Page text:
Effects of Augmented Reality on Social Interactions

So what are the effects of augmented reality on users?


Augmented Reality girl on bicycle
Photo by Sebastian Voortman from Pexels

For decades now the term Augmented Reality (AR) has been used to describe the technology that allows it users to see and interact with computer generated content superimposed on a real world environment.

Unlike Virtual Reality where everything you see is artificial, AR allows you to see and interact with digital content superimposed on your environment in real time. And in advanced AR systems, moving objects, for example, a zombie in an Augmented Reality game covers real distances and even goes around objects you may have placed in your room.

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Effects of AR on Users

Over the years, researchers have been looking into the effects of tech gadgets and social media on our lives. And the results show that if not properly managed, tech gadgets can have detrimental effects on the way we live and thus, have an adverse effect on our health and lifestyle.

Take smartphones for example, numerous studies confirm that the use of smartphones during conversations affect the quality of the conversation. Smartphones reduce the level of connectedness both for you and the one you are listening to. You are too distracted to follow and in no time the other partner will become too angry to continue.

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Effect on Social Life

In a recent study led by Jeremy N Bailenson from Stanford University, researchers examined the effect of AR on its users during interactions with another partner who is not using AR.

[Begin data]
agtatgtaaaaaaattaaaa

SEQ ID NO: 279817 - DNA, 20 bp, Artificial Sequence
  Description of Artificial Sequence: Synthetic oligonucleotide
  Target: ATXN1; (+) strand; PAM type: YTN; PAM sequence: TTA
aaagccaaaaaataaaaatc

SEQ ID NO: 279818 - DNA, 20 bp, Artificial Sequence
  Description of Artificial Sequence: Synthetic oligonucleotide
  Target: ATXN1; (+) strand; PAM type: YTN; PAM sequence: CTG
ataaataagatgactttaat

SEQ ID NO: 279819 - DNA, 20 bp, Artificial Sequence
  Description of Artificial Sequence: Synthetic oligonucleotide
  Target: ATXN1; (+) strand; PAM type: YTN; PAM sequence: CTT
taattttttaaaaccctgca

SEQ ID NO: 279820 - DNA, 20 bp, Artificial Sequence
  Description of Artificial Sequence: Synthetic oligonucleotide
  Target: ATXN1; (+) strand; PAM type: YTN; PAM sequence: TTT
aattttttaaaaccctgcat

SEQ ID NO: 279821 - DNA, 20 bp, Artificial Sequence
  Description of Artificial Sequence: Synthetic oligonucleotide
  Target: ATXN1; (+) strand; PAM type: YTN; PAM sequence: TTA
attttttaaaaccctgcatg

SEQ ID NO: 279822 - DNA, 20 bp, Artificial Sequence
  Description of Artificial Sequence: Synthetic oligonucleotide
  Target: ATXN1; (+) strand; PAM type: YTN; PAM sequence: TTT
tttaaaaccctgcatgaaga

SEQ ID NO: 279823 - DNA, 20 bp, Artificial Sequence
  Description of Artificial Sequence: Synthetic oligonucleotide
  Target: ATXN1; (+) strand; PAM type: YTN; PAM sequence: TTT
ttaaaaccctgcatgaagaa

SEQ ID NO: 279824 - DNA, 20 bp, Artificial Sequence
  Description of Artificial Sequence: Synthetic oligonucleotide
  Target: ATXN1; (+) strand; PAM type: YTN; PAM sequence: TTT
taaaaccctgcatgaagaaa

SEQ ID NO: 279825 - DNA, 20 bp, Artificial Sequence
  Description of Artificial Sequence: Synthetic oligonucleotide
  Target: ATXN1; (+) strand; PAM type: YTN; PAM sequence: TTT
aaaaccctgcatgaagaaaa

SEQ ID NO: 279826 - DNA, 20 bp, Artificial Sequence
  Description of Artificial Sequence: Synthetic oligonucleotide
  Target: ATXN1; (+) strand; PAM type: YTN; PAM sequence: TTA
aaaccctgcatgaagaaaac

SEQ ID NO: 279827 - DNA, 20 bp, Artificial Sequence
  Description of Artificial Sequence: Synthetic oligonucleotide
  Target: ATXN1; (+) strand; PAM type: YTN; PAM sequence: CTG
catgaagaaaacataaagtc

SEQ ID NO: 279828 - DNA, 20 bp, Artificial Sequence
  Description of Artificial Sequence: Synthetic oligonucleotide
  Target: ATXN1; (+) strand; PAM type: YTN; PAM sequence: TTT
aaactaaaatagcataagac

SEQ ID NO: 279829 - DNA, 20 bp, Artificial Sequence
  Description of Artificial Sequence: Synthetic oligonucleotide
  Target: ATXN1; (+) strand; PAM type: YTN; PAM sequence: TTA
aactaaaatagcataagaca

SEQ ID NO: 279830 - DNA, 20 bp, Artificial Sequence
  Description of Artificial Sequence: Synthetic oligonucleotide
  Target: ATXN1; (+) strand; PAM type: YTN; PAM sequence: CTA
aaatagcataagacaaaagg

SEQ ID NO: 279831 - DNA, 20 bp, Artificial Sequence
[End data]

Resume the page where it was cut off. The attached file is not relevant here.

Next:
Results published at the end of the study showed that using an AR headset when having a conversation may be a bad idea. Nevertheless, this depends on the kind of interaction you are having. In cases involving one-in-one conversations with someone who would love to have your attention, no matter how casual the setting may be, using an AR headset is bad.

AR has the ability to superimpose people and objects on whatever it is you are seeing. These object and humans – sometimes moving – make it difficult for users to concentrate on the other person they are talking to.

Firstly, the user will find it difficult to maintain eye contact with the other partner. This sends the wrong message to your partner, as they are always concerned with how you react to the information they are sharing.

Secondly, interacting with virtual objects and images can be confusing for the next person. AR is great at work, studies and for games too. But an AR headset on during interactions with people is not good practice.

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